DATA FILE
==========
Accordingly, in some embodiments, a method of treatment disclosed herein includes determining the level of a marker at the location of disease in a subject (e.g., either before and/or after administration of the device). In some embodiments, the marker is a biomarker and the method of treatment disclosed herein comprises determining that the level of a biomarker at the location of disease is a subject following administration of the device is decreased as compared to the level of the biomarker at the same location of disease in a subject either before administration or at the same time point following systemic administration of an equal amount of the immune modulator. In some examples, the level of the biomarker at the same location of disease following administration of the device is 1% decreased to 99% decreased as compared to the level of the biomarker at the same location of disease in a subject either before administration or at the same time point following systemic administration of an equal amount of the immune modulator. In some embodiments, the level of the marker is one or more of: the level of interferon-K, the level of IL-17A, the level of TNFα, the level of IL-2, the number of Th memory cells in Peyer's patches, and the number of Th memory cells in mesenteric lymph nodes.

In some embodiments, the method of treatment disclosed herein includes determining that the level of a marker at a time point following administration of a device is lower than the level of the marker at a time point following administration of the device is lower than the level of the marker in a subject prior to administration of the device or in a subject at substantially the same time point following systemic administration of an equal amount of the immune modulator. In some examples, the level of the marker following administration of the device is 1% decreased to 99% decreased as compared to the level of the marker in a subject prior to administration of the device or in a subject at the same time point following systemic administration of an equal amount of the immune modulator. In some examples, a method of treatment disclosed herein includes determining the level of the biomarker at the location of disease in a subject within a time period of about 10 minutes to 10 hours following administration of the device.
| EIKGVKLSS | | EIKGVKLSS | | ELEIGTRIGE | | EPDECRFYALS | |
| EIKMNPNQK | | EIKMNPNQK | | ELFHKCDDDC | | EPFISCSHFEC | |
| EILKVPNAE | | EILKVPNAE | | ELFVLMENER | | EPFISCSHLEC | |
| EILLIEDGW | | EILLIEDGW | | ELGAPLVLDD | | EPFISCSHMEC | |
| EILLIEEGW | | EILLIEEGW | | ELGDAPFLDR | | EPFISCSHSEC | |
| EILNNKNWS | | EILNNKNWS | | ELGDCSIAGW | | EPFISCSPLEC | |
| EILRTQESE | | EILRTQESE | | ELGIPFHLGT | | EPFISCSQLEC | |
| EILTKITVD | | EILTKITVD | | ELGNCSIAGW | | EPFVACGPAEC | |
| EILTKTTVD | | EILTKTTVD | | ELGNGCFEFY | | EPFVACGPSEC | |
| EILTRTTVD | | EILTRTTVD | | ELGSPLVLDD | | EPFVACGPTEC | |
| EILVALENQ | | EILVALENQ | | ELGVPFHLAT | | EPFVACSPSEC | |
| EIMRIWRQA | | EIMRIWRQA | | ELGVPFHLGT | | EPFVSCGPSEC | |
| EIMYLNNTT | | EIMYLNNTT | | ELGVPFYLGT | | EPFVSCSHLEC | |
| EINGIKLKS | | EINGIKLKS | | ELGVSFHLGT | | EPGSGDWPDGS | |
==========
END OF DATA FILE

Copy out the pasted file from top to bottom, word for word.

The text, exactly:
Accordingly, in some embodiments, a method of treatment disclosed herein includes determining the level of a marker at the location of disease in a subject (e.g., either before and/or after administration of the device). In some embodiments, the marker is a biomarker and the method of treatment disclosed herein comprises determining that the level of a biomarker at the location of disease is a subject following administration of the device is decreased as compared to the level of the biomarker at the same location of disease in a subject either before administration or at the same time point following systemic administration of an equal amount of the immune modulator. In some examples, the level of the biomarker at the same location of disease following administration of the device is 1% decreased to 99% decreased as compared to the level of the biomarker at the same location of disease in a subject either before administration or at the same time point following systemic administration of an equal amount of the immune modulator. In some embodiments, the level of the marker is one or more of: the level of interferon-K, the level of IL-17A, the level of TNFα, the level of IL-2, the number of Th memory cells in Peyer's patches, and the number of Th memory cells in mesenteric lymph nodes.

In some embodiments, the method of treatment disclosed herein includes determining that the level of a marker at a time point following administration of a device is lower than the level of the marker at a time point following administration of the device is lower than the level of the marker in a subject prior to administration of the device or in a subject at substantially the same time point following systemic administration of an equal amount of the immune modulator. In some examples, the level of the marker following administration of the device is 1% decreased to 99% decreased as compared to the level of the marker in a subject prior to administration of the device or in a subject at the same time point following systemic administration of an equal amount of the immune modulator. In some examples, a method of treatment disclosed herein includes determining the level of the biomarker at the location of disease in a subject within a time period of about 10 minutes to 10 hours following administration of the device.
| EIKGVKLSS | | EIKGVKLSS | | ELEIGTRIGE | | EPDECRFYALS | |
| EIKMNPNQK | | EIKMNPNQK | | ELFHKCDDDC | | EPFISCSHFEC | |
| EILKVPNAE | | EILKVPNAE | | ELFVLMENER | | EPFISCSHLEC | |
| EILLIEDGW | | EILLIEDGW | | ELGAPLVLDD | | EPFISCSHMEC | |
| EILLIEEGW | | EILLIEEGW | | ELGDAPFLDR | | EPFISCSHSEC | |
| EILNNKNWS | | EILNNKNWS | | ELGDCSIAGW | | EPFISCSPLEC | |
| EILRTQESE | | EILRTQESE | | ELGIPFHLGT | | EPFISCSQLEC | |
| EILTKITVD | | EILTKITVD | | ELGNCSIAGW | | EPFVACGPAEC | |
| EILTKTTVD | | EILTKTTVD | | ELGNGCFEFY | | EPFVACGPSEC | |
| EILTRTTVD | | EILTRTTVD | | ELGSPLVLDD | | EPFVACGPTEC | |
| EILVALENQ | | EILVALENQ | | ELGVPFHLAT | | EPFVACSPSEC | |
| EIMRIWRQA | | EIMRIWRQA | | ELGVPFHLGT | | EPFVSCGPSEC | |
| EIMYLNNTT | | EIMYLNNTT | | ELGVPFYLGT | | EPFVSCSHLEC | |
| EINGIKLKS | | EINGIKLKS | | ELGVSFHLGT | | EPGSGDWPDGS | |